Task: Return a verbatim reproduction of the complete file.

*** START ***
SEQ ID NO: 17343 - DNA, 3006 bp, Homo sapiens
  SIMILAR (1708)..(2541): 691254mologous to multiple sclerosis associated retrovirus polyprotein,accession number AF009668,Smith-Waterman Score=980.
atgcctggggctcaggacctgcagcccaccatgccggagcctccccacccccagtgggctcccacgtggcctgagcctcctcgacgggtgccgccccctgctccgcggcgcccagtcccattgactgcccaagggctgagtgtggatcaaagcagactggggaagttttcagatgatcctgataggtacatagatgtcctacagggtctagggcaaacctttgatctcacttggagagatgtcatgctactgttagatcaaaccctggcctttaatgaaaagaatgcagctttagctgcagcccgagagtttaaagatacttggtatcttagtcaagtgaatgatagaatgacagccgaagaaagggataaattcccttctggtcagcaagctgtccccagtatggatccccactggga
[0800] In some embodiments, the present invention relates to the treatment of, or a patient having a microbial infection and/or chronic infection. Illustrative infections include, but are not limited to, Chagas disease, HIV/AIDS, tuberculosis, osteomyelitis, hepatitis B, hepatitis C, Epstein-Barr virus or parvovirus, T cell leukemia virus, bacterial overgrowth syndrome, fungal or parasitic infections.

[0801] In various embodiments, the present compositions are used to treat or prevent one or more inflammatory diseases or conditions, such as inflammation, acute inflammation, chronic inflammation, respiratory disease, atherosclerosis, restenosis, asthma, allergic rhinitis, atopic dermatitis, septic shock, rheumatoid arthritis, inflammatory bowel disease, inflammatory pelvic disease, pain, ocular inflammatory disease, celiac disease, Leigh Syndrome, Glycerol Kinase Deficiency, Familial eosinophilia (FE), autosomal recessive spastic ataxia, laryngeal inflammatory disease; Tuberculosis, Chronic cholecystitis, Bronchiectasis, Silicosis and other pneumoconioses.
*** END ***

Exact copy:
SEQ ID NO: 17343 - DNA, 3006 bp, Homo sapiens
  SIMILAR (1708)..(2541): 691254mologous to multiple sclerosis associated retrovirus polyprotein,accession number AF009668,Smith-Waterman Score=980.
atgcctggggctcaggacctgcagcccaccatgccggagcctccccacccccagtgggctcccacgtggcctgagcctcctcgacgggtgccgccccctgctccgcggcgcccagtcccattgactgcccaagggctgagtgtggatcaaagcagactggggaagttttcagatgatcctgataggtacatagatgtcctacagggtctagggcaaacctttgatctcacttggagagatgtcatgctactgttagatcaaaccctggcctttaatgaaaagaatgcagctttagctgcagcccgagagtttaaagatacttggtatcttagtcaagtgaatgatagaatgacagccgaagaaagggataaattcccttctggtcagcaagctgtccccagtatggatccccactggga
[0800] In some embodiments, the present invention relates to the treatment of, or a patient having a microbial infection and/or chronic infection. Illustrative infections include, but are not limited to, Chagas disease, HIV/AIDS, tuberculosis, osteomyelitis, hepatitis B, hepatitis C, Epstein-Barr virus or parvovirus, T cell leukemia virus, bacterial overgrowth syndrome, fungal or parasitic infections.

[0801] In various embodiments, the present compositions are used to treat or prevent one or more inflammatory diseases or conditions, such as inflammation, acute inflammation, chronic inflammation, respiratory disease, atherosclerosis, restenosis, asthma, allergic rhinitis, atopic dermatitis, septic shock, rheumatoid arthritis, inflammatory bowel disease, inflammatory pelvic disease, pain, ocular inflammatory disease, celiac disease, Leigh Syndrome, Glycerol Kinase Deficiency, Familial eosinophilia (FE), autosomal recessive spastic ataxia, laryngeal inflammatory disease; Tuberculosis, Chronic cholecystitis, Bronchiectasis, Silicosis and other pneumoconioses.